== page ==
Sunday, January 9, 2011

A New Year...the Same Old Focus

In the fledgling days of 1994, a retail store manager, with whom I worked alongside, crafted a document on his then very primitive computer. It nonetheless impressed one and all with its unusual and competing fonts, bold-lettered headlines, and colorful graphics. Headlined “A New Year, A New Focus,” it was specifically produced for the place's staff, who were asked to pore over its inspirational contents and inhale its lofty objectives like they would fresh roses in springtime.

This manager bloke was a disciple of the relatively new and somewhat chic approach to business management called Coaching and Mentoring. You know: Encourage each member of one’s team to boldly go where no employee has gone before by treating him or her like a bona fide human being—for starters—and offering him or her a lunch table of carrots along the way for innovating, working hard, and keeping eyes peeled to the future. Yada…yada…yada.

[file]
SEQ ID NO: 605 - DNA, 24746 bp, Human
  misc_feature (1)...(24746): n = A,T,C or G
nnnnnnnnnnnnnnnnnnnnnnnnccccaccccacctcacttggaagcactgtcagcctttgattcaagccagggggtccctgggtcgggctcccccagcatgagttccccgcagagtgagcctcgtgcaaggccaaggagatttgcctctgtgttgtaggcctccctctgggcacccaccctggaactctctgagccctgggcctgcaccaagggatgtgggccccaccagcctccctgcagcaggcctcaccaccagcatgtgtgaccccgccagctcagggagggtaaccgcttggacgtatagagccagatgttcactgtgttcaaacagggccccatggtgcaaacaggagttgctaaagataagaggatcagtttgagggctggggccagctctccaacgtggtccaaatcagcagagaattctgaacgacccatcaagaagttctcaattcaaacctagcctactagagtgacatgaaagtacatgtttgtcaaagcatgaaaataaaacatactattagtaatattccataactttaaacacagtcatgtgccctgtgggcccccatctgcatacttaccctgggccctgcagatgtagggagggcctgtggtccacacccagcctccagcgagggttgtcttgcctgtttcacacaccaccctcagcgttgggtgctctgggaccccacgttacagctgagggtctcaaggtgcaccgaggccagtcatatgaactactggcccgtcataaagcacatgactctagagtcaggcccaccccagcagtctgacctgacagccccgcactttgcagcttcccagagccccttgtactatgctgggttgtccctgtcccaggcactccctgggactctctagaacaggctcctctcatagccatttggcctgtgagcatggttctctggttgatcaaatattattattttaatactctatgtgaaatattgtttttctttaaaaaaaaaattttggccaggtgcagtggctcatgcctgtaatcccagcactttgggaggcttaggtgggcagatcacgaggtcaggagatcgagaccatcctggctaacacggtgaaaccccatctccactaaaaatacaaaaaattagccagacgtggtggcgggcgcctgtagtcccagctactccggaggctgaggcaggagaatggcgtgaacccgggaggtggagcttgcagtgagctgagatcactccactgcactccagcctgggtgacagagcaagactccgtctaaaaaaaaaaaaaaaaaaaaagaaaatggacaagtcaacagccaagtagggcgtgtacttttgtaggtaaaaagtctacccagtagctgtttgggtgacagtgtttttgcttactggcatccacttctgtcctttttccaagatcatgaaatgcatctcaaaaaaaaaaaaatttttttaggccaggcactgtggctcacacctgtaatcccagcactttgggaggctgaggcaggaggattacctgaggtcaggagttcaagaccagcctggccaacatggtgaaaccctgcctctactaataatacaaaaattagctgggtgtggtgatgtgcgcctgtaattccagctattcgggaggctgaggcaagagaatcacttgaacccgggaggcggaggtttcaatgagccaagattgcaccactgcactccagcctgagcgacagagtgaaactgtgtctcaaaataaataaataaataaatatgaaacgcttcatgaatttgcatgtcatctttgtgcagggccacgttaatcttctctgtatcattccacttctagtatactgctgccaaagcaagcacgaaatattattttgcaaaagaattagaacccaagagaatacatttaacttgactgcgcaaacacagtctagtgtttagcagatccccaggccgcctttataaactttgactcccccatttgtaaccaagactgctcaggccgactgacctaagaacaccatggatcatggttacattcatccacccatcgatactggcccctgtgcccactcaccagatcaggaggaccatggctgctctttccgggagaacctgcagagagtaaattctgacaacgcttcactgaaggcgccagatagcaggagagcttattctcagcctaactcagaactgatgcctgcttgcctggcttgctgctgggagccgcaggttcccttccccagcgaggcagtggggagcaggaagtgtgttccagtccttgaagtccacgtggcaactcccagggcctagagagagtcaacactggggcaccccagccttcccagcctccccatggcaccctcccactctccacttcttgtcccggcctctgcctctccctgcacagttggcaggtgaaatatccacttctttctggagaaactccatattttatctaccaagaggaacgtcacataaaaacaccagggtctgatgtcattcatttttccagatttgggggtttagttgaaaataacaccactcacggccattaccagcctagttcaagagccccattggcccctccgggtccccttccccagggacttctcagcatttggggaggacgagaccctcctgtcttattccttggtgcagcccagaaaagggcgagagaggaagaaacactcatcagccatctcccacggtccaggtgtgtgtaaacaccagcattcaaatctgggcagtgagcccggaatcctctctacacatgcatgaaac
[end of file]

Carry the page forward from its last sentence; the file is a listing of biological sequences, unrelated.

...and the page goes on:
The major pothole on this business road to good intentions—for lack of a better description—was that there was no there there. This particular retail bossman affixed special titles to virtually every Tom, Dick, and Harriet, many of whom were minimum wage laborers unloading trucks and stocking shelves. Cashiers, for instance, were christened “front-end supervisors.” I’d wager they would have preferred raises. In fact, at that time, I had never even heard of the title. Of course, nowadays the woods are full of such meaningless labels. At the very least, isn’t everyone employed in Big Box Retail Land an “associate” or better than that?

From my observing eyes, “A New Year, A New Focus” quickly degenerated into an “A New Year, the Same Old Focus.” Why? Because it was a bogus bill of goods. Employees working for peanuts and, at best, cashews aren’t easily won over by extravagant promises of future opportunity and security in places with little evident opportunity and minimal security. And calling a pig a gazelle doesn’t make a pig a gazelle. It just makes the pig clamor for a little more bacon. The 1994 New Year's lesson is eternal.

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